Tendering

When we take potential clients through the time programme of the architectural process, we are often asked why it takes so long. As we noted in our recent article, The iron triangle, every project we undertake has “unique conditions that demand prototypical responses, the production of which cannot be achieved quickly. Making architecture is like investing all the research and development that goes into designing a new car, but then building it only once.”

This is the broad answer. More specifically, and to assist you in fleshing out your expectations of the architectural process, what follows is a description of the 6th of the seven key stages we undertake for each of our projects.[1] An archive of all seven stages can be accessed here.

6. Tendering

tendering

In this project stage, we procure 1 or more tenders to build your project. A tender is essentially a quote, though more detailed and tied to both our documentation and the eventual building contract. There are a number of ways we can go about tendering a project, a topic we have previously explored here, but each essentially boils down to this:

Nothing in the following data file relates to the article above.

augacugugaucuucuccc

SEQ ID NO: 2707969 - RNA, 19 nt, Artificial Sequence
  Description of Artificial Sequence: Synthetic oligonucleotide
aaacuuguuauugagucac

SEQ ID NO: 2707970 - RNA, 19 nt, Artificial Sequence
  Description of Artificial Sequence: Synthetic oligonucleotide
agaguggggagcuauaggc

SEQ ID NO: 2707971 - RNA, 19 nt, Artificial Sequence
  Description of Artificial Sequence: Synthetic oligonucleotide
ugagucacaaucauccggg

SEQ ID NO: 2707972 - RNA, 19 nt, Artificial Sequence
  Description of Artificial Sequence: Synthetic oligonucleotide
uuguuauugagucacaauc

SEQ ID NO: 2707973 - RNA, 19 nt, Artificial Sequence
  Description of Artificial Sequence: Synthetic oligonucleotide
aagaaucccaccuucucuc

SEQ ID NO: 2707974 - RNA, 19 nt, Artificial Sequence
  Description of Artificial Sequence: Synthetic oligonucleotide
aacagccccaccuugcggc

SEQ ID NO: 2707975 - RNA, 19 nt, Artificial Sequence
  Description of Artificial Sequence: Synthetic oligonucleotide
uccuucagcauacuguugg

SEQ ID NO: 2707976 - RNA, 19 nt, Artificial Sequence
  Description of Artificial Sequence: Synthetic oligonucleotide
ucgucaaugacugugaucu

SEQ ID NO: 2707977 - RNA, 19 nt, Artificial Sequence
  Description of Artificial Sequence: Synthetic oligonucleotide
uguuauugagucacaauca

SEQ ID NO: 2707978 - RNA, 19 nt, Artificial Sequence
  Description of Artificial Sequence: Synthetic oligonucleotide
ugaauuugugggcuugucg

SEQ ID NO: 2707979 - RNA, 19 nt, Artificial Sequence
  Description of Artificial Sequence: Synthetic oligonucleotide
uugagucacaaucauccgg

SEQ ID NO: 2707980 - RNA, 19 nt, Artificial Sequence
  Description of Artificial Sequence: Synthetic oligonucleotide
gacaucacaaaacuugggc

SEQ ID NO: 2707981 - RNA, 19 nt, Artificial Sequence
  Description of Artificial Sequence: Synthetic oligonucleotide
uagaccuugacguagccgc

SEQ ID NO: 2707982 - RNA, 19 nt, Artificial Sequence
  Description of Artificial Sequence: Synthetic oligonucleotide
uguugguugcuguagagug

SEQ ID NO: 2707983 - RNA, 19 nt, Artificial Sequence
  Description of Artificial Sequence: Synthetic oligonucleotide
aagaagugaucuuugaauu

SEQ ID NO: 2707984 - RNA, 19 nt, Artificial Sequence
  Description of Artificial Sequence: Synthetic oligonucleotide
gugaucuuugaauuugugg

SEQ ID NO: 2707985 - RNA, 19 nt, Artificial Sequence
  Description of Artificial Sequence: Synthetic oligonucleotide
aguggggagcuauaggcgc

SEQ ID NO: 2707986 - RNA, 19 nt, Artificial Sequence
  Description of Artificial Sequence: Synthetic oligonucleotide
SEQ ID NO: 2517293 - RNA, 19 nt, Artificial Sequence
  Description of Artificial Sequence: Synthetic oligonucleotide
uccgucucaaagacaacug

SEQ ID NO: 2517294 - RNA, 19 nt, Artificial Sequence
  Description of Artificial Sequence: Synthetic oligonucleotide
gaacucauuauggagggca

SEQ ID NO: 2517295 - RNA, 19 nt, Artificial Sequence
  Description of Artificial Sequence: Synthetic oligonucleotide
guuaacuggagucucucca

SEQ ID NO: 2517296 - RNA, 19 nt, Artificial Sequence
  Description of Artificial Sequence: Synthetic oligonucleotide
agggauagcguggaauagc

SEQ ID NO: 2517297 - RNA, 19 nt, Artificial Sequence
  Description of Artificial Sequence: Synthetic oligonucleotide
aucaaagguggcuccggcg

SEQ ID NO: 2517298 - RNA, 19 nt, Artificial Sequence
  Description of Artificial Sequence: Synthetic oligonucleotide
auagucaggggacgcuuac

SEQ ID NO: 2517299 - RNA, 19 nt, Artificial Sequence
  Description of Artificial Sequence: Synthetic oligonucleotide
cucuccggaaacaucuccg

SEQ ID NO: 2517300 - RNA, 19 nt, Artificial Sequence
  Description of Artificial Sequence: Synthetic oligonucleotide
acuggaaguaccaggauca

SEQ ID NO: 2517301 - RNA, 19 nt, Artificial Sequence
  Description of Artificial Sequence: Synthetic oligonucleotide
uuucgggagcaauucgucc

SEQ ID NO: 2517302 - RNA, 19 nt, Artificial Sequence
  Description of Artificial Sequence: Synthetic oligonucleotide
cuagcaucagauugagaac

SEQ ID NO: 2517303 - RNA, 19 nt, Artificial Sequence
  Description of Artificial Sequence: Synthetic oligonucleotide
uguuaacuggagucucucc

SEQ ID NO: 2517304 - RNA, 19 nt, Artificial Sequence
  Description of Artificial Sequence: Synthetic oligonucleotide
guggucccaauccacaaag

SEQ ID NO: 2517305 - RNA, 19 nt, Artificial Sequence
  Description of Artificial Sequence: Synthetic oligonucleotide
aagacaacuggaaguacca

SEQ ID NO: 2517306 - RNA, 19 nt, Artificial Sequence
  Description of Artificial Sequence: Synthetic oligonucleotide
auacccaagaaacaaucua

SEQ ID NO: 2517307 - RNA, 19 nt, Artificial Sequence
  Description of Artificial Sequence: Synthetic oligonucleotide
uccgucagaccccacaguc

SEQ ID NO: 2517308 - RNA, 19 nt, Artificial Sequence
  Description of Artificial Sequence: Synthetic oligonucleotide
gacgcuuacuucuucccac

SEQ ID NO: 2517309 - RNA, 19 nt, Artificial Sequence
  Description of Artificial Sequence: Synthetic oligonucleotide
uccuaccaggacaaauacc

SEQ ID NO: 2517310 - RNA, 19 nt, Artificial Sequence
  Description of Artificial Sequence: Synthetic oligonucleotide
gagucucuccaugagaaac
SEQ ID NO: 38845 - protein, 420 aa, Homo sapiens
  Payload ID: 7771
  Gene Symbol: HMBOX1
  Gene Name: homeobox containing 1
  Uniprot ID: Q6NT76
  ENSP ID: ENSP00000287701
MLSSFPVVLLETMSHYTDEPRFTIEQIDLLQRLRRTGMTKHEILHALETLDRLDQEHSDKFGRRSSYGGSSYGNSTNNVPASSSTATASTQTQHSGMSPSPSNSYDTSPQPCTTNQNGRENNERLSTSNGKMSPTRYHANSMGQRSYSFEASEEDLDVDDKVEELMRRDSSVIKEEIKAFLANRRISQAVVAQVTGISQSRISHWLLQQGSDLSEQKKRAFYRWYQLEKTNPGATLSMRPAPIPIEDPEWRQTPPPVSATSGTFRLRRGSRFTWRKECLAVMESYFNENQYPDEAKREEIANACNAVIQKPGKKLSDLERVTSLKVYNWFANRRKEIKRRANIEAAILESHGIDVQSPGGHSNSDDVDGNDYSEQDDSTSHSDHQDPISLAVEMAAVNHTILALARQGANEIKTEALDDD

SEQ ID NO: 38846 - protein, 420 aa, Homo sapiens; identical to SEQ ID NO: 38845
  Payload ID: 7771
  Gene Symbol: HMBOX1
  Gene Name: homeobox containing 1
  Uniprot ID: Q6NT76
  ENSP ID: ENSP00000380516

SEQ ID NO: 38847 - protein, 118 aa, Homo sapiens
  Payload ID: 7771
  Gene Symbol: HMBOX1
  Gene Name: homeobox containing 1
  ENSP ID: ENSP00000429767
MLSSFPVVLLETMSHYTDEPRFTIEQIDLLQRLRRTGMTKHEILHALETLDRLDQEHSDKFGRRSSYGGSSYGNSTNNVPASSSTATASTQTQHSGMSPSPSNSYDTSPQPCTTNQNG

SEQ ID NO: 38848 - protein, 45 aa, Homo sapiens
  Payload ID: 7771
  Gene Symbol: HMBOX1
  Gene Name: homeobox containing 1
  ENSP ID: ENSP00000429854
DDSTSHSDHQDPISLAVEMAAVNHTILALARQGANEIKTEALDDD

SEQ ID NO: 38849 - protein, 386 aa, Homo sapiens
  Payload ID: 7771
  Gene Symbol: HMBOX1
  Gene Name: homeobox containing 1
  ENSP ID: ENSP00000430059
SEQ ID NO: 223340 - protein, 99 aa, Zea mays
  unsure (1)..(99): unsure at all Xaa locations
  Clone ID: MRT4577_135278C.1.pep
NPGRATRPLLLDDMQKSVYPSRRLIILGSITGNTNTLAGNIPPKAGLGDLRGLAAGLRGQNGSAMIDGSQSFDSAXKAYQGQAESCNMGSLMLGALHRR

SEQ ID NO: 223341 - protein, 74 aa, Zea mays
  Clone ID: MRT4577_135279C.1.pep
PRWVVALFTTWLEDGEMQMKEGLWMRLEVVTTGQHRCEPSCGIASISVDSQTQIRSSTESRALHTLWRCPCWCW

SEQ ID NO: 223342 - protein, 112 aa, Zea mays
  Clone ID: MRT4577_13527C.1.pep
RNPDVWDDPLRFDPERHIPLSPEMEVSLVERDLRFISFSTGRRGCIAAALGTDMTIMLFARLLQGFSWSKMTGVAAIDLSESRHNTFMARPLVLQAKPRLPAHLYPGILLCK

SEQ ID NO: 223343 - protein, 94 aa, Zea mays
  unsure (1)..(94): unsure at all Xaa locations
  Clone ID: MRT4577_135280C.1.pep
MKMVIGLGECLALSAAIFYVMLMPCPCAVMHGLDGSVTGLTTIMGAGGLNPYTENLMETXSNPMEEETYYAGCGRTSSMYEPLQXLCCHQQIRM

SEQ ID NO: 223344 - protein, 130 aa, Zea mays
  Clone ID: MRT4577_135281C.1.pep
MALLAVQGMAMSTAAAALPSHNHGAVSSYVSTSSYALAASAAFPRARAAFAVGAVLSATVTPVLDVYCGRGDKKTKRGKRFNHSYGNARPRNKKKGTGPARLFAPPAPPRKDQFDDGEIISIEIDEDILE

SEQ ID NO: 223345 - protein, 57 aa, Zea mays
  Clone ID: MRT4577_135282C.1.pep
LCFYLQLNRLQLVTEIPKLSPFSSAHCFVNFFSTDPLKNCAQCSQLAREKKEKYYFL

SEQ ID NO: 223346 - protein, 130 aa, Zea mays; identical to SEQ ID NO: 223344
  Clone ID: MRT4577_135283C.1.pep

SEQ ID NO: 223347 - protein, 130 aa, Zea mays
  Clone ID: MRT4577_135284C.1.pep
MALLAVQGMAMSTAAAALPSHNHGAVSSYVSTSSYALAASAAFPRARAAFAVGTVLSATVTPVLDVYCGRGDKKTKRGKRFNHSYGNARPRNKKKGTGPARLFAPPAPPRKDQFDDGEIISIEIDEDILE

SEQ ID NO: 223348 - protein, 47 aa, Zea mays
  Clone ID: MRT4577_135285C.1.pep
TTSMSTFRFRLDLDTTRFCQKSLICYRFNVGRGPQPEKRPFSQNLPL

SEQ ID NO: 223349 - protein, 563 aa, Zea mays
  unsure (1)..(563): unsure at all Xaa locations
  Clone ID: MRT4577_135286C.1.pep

1. We submit our documentation set to 1 or more builders.
  2. We give the builders 4 weeks to prepare their tenders.
  3. We meet with the builders on site and respond to queries via tender addenda.
  4. At the end of 4 weeks, we negotiate with the preferred builder until you, she and we are happy with the scope and budget.
  5. We prepare duplicate copies of the building contract and documentation set for you and the builder to sign.

The tender period is typically set at 4 weeks, though the time required for the negotiation that takes place afterwards is dependent on how close to your project budget the tenders are. Since we carefully curate the builders with whom we work, all should be capable of executing the project. The only decision that needs to be made is on price.

Stage duration = 6 – 8 weeks
Architect’s time = 40 – 60 hours
Specialist consultants = N/A

Documentation = Tender addenda as required
Quantity of drawings  = N/A

Scale = N/A

farmer house tendering


Footnotes:

  1. Disclaimer: time allowances are estimates only and will vary depending on project size and complexity.

Image credits:

  1. Tendering. Author’s own image.
  2. Farmer House tendering. Author’s own image, see here for further details.

Author: Warwick Mihaly

I am an architect, writer, teacher and father.

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